The role of an advisor varies, but it is always an important one. Each advisor perceives his/her relation to a student organization differently. Some advisors play very active roles, by regularly attending meetings, working closely with student officers, and offer guidance and support in club/organization planning and development. Others maintain a more distant relationship to the organization. Student Life and Leadership strongly recommends that each advisor maintain regular contact with his/her organization. An advisor should be committed to the group’s success, and may need to sometimes go above and beyond the call of duty.
An advisor accepts responsibility for keeping informed about activities of the organization and for advising officers of the organization on the appropriateness and general merits of policies and activities. However, advisors are not responsible for the actions or policies of student organizations; students are solely responsible. Advisors should be both accessible and interested and should provide whatever counsel a group or its members might seek.
Considering their expertise and experience, advisors can often supply significant insights to group matters such as goal setting, programming, conflict resolution, and group growth/development. It is often the advisor who can aid in maintaining an organization by providing continuity and by serving as an information source. In short, a good advisor can help nurture an organization’s success.
Given the myriad of purposes, activities, and objectives of various student groups, the role of the advisor will vary in some degree between groups. The purpose of this section is to outline basic roles of an advisor. The advisor and group should agree on a set of expectations of one another from the onset and should write this list down as a contract between the group and the advisor. The pattern of teamwork between the advisor and the organization must be specifically tailored to the personalities and needs of both parties. Some guidance is necessary in developing such a relationship; Appendix 2 is an interactive worksheet for the club officers and the advisor to work through to establish this relationship. This agreement should then be saved in Mountain Lion Connect in the club’s portal under “Files”. The advisor agreement worksheet should be done at the beginning of each academic year.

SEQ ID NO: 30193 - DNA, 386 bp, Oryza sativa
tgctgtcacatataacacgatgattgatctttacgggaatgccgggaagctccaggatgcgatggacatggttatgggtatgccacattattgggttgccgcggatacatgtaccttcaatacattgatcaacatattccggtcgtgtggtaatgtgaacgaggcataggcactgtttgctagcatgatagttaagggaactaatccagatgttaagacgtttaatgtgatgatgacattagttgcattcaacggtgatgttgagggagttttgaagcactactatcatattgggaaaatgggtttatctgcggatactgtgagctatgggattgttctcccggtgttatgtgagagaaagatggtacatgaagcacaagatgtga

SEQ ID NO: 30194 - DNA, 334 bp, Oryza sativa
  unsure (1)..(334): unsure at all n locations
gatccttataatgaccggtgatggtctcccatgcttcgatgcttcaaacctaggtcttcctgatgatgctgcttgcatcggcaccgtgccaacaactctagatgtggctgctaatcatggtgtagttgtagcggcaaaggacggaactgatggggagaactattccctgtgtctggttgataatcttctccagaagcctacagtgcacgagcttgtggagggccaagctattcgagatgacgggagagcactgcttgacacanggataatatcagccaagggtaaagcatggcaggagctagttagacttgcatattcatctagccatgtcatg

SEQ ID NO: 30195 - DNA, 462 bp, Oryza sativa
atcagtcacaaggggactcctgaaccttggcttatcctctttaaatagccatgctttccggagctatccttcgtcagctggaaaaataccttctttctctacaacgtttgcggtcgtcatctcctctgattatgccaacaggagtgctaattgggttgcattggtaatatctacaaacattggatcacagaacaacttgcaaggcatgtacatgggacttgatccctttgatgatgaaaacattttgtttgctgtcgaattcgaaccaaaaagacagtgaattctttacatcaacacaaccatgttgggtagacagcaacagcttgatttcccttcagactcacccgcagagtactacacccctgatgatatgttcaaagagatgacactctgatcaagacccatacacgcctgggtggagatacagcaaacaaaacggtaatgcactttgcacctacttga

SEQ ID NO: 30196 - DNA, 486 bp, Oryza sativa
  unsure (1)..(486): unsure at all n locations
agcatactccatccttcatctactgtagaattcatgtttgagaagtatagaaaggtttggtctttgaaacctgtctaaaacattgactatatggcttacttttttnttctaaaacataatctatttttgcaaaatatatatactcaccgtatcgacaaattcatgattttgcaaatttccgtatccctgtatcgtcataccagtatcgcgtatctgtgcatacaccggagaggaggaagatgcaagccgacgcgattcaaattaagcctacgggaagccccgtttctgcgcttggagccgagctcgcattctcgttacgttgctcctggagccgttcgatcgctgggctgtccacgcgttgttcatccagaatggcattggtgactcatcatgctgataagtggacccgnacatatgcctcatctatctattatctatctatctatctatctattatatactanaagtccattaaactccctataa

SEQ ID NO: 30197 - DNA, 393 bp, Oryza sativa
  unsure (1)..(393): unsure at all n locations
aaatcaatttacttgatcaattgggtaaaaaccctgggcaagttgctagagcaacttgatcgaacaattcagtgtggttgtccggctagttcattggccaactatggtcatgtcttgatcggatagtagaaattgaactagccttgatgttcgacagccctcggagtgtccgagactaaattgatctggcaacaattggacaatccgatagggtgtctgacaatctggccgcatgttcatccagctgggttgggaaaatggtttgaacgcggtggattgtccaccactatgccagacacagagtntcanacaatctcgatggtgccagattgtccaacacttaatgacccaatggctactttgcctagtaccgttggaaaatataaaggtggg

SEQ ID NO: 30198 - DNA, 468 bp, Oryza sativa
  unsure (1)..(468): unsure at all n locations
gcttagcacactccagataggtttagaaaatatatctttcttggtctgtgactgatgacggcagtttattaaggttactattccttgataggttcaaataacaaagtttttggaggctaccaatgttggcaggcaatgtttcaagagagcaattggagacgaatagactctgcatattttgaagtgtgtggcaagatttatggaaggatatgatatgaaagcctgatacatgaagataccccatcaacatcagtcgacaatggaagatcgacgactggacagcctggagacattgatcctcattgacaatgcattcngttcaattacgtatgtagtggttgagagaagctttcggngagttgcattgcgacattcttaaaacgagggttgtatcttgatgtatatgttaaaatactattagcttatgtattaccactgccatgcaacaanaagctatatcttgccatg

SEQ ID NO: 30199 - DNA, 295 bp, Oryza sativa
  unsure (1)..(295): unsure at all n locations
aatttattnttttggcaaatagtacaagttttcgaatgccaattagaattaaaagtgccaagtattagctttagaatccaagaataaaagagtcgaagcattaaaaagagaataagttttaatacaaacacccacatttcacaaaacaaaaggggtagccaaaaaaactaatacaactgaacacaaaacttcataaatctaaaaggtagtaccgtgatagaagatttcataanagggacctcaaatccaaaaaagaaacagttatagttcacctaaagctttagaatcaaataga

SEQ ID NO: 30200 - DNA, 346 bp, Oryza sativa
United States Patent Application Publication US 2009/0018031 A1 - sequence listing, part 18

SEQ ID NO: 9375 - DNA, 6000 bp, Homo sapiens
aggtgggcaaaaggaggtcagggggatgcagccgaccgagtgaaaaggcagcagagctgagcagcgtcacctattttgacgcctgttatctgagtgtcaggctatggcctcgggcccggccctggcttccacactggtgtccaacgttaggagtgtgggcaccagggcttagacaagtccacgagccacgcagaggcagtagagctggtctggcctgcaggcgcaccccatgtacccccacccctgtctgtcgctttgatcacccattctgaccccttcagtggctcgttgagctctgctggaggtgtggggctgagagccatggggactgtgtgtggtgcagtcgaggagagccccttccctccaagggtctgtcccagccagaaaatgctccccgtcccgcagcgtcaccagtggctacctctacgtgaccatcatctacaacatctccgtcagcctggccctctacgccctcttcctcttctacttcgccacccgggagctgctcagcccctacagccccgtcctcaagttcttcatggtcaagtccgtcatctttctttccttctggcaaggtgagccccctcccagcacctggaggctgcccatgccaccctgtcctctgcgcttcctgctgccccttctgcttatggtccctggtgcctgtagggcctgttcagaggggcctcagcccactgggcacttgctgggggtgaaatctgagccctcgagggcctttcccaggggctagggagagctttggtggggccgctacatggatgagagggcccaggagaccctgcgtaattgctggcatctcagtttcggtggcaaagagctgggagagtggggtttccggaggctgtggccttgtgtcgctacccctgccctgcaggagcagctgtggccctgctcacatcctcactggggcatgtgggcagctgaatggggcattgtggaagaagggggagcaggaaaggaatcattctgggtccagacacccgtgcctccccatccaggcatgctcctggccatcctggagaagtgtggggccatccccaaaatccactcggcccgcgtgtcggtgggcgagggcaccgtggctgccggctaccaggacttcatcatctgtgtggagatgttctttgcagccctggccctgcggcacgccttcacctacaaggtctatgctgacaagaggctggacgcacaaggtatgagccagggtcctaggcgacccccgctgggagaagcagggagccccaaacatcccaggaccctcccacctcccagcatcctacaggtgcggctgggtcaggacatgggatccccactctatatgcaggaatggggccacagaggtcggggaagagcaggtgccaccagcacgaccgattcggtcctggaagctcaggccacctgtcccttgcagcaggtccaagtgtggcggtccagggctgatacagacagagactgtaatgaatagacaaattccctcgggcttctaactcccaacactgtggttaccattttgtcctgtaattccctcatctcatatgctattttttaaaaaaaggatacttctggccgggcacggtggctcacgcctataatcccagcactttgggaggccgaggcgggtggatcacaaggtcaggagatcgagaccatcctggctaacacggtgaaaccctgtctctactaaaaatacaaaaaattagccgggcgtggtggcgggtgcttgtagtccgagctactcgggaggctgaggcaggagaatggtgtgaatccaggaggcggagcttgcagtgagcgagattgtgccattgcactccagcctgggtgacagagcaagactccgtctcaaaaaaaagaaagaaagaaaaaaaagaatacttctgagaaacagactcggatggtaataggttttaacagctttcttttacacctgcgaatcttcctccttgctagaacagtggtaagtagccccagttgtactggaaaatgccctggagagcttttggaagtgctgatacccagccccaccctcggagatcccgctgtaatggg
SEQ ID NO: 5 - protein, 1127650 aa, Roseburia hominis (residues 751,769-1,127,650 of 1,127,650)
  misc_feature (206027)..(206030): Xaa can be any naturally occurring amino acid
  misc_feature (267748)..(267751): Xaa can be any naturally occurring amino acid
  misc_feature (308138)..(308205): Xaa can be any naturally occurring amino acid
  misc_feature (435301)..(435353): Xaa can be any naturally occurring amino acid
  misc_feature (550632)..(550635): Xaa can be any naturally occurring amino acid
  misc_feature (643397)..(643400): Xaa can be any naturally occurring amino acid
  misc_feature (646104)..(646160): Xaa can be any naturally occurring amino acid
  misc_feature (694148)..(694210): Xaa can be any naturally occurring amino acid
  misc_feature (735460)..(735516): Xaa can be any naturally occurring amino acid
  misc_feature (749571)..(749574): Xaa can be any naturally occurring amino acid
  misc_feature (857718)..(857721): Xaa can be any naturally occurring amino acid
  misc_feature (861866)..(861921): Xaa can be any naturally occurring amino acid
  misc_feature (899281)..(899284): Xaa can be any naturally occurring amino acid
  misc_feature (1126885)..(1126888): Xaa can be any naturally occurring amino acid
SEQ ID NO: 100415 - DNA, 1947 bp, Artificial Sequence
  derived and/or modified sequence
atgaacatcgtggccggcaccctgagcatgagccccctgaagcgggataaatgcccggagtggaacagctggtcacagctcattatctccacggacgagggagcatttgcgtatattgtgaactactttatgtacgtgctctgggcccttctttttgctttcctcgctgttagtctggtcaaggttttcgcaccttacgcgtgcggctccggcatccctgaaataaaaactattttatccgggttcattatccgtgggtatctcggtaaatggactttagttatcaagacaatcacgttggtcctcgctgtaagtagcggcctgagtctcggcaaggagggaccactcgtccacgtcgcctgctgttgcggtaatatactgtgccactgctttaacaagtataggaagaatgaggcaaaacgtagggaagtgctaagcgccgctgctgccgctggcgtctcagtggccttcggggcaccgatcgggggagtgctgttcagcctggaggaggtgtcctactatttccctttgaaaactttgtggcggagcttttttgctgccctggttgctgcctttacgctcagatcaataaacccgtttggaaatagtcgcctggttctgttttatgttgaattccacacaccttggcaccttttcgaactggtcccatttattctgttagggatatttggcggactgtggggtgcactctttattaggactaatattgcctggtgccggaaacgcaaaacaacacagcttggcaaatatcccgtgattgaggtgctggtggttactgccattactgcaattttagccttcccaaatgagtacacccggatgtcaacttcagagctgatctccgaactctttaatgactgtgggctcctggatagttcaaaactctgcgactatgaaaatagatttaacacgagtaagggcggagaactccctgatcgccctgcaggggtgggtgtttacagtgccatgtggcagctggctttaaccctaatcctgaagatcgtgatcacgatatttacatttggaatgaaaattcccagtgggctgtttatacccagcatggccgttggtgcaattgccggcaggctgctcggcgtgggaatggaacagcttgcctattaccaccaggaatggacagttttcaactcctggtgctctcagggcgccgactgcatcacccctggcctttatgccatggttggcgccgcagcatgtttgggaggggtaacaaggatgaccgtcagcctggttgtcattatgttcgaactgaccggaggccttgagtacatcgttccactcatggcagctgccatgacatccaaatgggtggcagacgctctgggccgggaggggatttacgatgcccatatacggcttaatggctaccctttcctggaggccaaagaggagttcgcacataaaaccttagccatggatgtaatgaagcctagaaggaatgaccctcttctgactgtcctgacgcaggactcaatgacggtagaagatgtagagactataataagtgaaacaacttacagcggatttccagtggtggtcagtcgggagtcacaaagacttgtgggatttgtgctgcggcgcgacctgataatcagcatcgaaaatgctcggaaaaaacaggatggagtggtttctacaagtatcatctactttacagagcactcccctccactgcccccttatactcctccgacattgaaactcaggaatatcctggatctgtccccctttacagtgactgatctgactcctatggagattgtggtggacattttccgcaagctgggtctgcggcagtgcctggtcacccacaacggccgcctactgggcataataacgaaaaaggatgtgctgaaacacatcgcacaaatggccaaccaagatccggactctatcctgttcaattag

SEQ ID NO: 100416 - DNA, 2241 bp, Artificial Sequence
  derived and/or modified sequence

Following are some of the roles you may assume as an advisor:
Many students will come to see their advisor as a mentor. The success of these relationships can last many years and be rewarding for both the student and the advisor. If the student is seeking an education and a career in your field, you may be asked to assist in his/her professional development. To be effective in this capacity, you will need knowledge of their academic program and profession, a genuine interest in the personal and professional development of new professionals, and a willingness to connect students to a network of professionals. You may be approached to review resumes, to connect students with community resources, or to be a sounding board for their ideas of what they want to accomplish in the field.
At times, students will seek out someone to assist with their personal development. In this capacity, a mentor will have a basic understanding of student needs and perspectives, a desire to challenge students intellectually and emotionally while providing support to meet the challenge, and the ability to listen to students’ verbal and nonverbal communication. Students may want to talk to you about family or relationship issues, conflicts they are having with other students, or to have conversations about their ideas and thoughts on different subjects.
When new officers are elected or new members join the organization, you may need to take the initiative in turning the students from individuals with separate goals and expectations into a team. Team building is important because it enhances the relationships of the students between one another and the advisor. Positive relationships help the organization succeed and to work through conflicts and difficult times.
To accomplish the goal of creating an effective team, it is necessary to conduct a workshop (if you and the students have the time, a full-scale retreat encompassing team building and goal setting could be planned) to engage students in this process.